Taking the Risk
There are always risks when sending projectiles at any reputable speed down range. When firing a gun there are a few risks. One of them is the recoil, while some guns don’t produce much, some may send an unaware shooter to the ground. Recoil is a small thing when on the other side of the coin there may be catastrophic failures that will give you more than a strong punch in the shoulder.
You, “But Bow Bully, what risks are there when shooting a bow?”
The most common risk is the forearm slap. I don’t have any experience personally with this but, have been a witness to a fellow archer’s misfortune. When the string in full draw has the capability of sending an arrow over 300 feet per second, you better believe if it catches a piece of you on the way by, it’s going to leave a mark.
Watch That Forearm
There are other risks but, let’s focus on this one for now. Have you ever been slapped? Not by your girlfriend, by your bow string! Maybe you were shooting a recurve bow like the Bear Super Grizzly when you got slapped.
Did you throw the bow down and say some choice words to it, like it was the bow’s fault? Did you set it down gently, then fall to your knees while you looked up to the sky and cried aloud, WHY? WHY? While your salty tears streamed down your face? If so, why so dramatic, it’ll heal.
It’s Not Your Fault?
You can stop blaming your bow or the alignment of the stars, it’s your fault. I understand, it’s much easier to blame everything else and move on. Blaming others doesn’t fix the problem. You can buy a new bow like the PSE Archery Stinger ATK Hunter and guess what? If you’re still blaming the bow and didn’t bother to find out the real problem, you’ll probably get slapped again.
If you’re willing to accept the correction that will allow you to sling the string on both the bows you now own without purple consequences, here it is.
Good Form Is Your Protection
It’s all about form, I told you it was your fault. I’m watching you fasten your Trophy Ridge Ten Ring Release, grip the grip with your left hand, close the jaws of your release on the d-loop, with a push pull motion draw. Don’t release yet.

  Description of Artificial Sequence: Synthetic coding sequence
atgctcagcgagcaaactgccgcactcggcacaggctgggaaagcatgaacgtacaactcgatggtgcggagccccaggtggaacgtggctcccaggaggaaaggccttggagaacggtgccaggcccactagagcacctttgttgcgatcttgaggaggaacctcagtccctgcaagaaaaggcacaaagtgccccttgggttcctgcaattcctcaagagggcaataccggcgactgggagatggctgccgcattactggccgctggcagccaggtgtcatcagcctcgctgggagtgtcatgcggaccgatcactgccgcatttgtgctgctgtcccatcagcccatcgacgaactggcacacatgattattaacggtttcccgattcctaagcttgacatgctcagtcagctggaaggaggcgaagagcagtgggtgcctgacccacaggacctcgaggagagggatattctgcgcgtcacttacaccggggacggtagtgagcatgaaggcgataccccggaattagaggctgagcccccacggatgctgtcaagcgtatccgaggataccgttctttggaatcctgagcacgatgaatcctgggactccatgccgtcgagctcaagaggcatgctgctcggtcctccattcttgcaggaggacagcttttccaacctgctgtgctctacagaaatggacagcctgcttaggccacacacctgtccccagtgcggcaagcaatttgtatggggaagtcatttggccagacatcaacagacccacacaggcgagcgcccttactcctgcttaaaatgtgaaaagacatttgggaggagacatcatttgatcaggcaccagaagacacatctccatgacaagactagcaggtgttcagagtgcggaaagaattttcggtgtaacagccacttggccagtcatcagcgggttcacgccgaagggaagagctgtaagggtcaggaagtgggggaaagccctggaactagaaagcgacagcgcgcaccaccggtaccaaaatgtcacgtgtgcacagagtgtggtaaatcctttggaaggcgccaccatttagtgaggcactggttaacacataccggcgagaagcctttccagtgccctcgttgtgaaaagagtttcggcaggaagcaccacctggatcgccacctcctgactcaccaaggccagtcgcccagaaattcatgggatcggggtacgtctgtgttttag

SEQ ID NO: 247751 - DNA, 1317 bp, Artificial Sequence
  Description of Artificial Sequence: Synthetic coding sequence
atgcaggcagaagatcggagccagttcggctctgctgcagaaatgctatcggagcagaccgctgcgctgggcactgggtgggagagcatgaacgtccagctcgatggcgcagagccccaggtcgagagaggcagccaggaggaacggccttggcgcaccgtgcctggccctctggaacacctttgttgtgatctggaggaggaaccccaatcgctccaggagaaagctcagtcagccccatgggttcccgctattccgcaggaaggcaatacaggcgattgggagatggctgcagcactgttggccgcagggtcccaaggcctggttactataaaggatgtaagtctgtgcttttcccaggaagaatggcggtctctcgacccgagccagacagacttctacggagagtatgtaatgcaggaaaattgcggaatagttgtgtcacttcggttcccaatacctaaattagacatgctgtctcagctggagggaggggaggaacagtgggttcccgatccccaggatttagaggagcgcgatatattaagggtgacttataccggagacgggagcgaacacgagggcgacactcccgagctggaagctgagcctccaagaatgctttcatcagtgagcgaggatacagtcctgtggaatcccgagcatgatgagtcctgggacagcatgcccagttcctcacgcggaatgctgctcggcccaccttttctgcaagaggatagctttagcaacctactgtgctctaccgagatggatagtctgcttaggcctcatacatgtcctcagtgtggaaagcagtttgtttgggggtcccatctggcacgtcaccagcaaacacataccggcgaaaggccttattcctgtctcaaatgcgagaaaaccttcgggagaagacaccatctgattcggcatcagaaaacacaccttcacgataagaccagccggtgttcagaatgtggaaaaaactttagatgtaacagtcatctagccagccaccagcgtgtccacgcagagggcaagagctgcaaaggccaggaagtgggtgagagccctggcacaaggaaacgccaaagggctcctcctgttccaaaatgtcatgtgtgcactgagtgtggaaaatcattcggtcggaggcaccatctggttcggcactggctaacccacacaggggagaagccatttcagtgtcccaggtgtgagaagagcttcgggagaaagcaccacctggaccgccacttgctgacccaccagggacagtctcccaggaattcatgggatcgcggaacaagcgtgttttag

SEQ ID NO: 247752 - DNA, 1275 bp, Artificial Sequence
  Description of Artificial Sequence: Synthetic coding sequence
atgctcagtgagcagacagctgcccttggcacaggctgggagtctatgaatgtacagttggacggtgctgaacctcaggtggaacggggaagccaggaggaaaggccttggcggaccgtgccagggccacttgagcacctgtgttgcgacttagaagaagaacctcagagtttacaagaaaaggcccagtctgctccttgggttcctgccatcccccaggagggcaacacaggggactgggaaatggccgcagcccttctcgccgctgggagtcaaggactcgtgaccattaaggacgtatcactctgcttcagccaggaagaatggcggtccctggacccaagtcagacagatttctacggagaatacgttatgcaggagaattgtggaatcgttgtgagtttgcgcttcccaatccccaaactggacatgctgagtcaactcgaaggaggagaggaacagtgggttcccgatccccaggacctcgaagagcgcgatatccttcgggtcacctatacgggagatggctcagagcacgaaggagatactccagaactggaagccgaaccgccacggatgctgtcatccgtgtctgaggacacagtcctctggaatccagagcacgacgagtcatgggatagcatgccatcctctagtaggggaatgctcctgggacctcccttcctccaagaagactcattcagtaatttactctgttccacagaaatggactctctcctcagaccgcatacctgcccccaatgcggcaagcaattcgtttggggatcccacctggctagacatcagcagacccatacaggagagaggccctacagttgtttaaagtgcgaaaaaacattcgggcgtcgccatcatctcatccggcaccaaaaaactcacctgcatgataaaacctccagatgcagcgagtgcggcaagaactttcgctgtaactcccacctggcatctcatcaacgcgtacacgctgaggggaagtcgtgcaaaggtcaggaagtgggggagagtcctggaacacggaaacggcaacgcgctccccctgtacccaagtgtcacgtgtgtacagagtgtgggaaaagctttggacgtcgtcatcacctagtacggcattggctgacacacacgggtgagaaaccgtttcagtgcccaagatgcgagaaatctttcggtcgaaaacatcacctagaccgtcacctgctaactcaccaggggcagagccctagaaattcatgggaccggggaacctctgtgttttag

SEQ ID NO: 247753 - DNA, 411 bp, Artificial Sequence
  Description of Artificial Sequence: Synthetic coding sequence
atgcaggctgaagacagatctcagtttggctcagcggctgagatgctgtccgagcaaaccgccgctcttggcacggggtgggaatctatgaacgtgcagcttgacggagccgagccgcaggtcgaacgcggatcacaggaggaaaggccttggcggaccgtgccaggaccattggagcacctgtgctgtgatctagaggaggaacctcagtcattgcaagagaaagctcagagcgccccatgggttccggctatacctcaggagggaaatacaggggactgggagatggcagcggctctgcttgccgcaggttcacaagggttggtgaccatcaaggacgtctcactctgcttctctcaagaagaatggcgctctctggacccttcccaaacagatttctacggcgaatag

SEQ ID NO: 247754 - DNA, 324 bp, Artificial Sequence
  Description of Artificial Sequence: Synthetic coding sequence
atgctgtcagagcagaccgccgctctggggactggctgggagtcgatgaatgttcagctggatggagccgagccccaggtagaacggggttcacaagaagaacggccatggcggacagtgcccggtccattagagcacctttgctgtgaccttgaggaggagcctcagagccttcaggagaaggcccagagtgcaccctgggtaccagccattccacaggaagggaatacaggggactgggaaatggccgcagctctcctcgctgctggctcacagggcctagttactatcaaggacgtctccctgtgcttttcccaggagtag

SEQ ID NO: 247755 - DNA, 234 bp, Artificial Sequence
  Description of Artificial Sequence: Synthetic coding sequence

Check yourself. Are you in a T stance? Great! Now take a look at your left arm or the one you are holding the grip with. Is your elbow locked out? It is? UH OH! Do not release! I repeat, do not release!
That’s the problem, your forearm is in the line of fire! Unlock that elbow and allow a slight bend. Now that you know your problem, it’s a good idea if you transfer “knowing” into an action and make the proper hold a habit!
If you’d like to continue shooting traditional bows or compound bows without such great purple consequences, take my advice and don’t lock your elbow. If you’d like to continue shooting traditional bows or compound bow but don’t want to change your form, invest in protection for your arm like the Bear Archery Cordura Arm Guard. Maybe you’re concerned you’ll occasionally fall back into bad form, an easy solution is to invest in an arm guard.
There’s Always a Crossbow
Maybe the result of the slap is that you’ve sworn off all bows except crossbows because like the TenPoint Turbo S1 they don’t require any part of you to be in front of the string to send the arrow flying, and that is comforting to you. You have that option and I won’t judge you, at least not right now, not in front of everyone else.
Isn’t it a wonderful thing to have so many options? Learn the problem and correct your issues, change the type of bow you shoot, or invest in protection for your vulnerable parts. Whatever you choose, get out there and sling the string!